FAIRHAVEN – A turbine opponent who lives within 2,000 feet of Fairhaven’s turbines measured turbine noise at his home in an effort to attract the attention of Fairhaven’s Board of Health and encourage the Massachusetts Department of Environmental Protection to conduct its own noise testing.
The DEP has maintained it will not test the Fairhaven turbines unless explicitly asked to do so by the Board of Health, so John Methia of Shawmut Street conducted a test of his own.
Methia measured the turbines’ noise to be between 43 and 68 decibels Tuesday night, when the turbines were louder than usual. When he measured again Wednesday night, the turbines were not spinning and the noise level was less than 40 decibels.
Methia recorded a video of the tests, which he posted to YouTube and sent to the Board of Health and DEP.
In Massachusetts, a turbine is considered to be in violation of state law if it is 10 decibels louder than the area’s ambient sound.
“Obviously, the true measurement would be if we did it from the same spot with the turbines on and off the same day with the same wind,” Methia said. “But we don’t have control over the turbines.”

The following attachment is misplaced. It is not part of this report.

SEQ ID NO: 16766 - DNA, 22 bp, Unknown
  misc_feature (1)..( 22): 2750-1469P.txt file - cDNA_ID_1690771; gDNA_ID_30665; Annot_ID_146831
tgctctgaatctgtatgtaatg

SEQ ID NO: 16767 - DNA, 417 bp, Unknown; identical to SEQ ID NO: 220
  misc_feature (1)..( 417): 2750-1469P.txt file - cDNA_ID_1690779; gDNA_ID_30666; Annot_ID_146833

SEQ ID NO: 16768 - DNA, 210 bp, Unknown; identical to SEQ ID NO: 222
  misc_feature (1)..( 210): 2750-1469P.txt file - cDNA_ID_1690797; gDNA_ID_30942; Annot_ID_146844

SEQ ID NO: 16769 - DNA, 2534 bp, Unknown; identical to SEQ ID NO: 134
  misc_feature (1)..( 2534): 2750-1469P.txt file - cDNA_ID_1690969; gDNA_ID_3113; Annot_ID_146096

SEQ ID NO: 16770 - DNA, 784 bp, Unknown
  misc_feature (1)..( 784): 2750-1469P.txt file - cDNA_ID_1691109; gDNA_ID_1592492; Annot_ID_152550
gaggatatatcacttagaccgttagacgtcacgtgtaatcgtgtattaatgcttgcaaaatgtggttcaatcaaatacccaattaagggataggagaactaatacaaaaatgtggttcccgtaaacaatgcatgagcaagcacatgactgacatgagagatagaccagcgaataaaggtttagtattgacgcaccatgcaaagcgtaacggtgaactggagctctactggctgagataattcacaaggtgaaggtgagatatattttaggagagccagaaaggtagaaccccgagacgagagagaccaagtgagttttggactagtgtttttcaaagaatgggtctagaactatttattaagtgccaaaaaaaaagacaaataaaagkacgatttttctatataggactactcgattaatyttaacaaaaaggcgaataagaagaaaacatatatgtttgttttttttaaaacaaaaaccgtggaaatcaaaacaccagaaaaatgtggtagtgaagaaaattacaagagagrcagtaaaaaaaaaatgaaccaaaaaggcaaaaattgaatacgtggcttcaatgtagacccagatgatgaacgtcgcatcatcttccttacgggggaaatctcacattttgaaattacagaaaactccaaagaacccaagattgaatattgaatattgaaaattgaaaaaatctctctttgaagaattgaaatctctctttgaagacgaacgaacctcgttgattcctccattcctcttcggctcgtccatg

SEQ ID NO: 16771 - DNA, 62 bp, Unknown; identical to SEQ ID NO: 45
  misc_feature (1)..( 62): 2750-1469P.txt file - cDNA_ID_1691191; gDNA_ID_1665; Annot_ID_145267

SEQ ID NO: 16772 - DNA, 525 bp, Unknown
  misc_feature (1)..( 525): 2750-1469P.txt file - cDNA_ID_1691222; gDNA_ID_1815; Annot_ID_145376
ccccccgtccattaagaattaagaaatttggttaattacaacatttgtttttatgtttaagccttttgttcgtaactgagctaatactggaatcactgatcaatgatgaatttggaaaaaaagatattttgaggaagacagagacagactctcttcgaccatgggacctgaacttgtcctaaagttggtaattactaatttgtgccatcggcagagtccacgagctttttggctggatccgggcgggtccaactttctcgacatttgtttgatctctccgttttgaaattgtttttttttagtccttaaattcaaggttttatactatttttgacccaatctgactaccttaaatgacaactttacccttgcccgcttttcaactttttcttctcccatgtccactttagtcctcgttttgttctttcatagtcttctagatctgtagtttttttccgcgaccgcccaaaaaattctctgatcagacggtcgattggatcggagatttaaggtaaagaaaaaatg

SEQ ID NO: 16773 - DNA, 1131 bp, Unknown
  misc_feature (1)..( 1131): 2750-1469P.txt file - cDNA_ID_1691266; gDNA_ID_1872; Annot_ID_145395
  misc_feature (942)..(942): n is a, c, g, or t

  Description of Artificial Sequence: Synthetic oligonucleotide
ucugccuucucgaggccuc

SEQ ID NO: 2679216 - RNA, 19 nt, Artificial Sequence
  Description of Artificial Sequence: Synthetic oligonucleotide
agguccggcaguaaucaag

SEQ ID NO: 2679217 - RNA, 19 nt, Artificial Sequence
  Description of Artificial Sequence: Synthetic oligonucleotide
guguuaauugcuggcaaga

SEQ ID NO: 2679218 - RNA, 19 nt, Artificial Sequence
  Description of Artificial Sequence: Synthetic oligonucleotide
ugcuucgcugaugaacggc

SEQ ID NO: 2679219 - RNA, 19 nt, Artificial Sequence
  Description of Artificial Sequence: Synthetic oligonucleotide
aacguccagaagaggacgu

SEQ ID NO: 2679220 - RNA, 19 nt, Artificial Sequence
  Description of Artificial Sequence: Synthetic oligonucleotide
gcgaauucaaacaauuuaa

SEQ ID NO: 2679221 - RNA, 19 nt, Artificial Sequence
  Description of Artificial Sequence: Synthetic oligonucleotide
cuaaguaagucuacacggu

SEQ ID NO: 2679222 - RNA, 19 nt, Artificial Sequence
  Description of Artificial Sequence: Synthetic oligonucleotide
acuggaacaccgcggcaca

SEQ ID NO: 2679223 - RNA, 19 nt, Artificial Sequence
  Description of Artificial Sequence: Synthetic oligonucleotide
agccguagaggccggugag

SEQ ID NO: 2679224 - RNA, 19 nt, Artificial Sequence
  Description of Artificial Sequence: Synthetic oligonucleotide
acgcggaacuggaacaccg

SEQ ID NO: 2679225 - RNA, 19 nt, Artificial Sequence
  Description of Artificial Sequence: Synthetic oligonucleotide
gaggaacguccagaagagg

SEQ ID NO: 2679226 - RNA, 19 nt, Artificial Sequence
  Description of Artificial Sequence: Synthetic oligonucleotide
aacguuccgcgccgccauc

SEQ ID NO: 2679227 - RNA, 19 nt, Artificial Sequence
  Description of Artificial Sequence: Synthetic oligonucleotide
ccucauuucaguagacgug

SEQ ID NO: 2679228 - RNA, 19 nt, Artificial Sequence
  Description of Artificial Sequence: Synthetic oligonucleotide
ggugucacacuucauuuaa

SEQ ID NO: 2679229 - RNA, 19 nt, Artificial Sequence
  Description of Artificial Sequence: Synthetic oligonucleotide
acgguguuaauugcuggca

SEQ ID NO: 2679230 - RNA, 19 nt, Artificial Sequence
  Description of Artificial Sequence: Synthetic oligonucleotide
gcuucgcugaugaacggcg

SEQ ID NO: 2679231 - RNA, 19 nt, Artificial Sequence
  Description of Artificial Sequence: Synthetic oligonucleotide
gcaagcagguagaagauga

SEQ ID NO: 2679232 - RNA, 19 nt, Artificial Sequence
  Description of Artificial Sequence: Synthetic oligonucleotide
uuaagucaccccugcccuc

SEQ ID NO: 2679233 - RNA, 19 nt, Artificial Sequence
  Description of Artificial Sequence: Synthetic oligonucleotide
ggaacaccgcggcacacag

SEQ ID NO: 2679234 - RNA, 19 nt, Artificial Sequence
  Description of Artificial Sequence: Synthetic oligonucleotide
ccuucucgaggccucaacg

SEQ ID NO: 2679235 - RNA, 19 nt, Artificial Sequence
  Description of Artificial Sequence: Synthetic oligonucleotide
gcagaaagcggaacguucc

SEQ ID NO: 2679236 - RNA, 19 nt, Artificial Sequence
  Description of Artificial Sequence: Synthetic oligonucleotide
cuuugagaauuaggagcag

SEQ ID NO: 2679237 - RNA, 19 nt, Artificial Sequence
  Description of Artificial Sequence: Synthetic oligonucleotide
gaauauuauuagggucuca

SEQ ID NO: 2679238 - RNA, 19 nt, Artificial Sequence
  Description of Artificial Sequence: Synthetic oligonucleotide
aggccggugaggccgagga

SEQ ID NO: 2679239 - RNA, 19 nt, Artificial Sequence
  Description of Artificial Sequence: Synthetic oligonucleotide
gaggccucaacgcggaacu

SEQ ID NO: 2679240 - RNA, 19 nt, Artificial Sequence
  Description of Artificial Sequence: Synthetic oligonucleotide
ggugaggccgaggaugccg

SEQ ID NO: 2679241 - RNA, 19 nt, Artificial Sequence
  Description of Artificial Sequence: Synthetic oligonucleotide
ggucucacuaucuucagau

Peter DeTerra, the health board’s chairman, when contacted Thursday afternoon said he had not yet seen the videos and would not comment as to whether they would encourage the board to seek help from the DEP. DeTerra said the board would discuss the videos at its meeting Monday.
DEP spokesman Edmund Coletta would not comment on Methia’s test. He said the DEP’s testing in Falmouth, which resulted in the shutdown of one turbine, was conducted using high-grade decibel measuring equipment and involved “taking multiple samples the same night, when the wind is the exact same, with the turbines on and off.”
Sumul Shah, the turbines’ developer, said the video did not depict “in any way an accurate measurement.”
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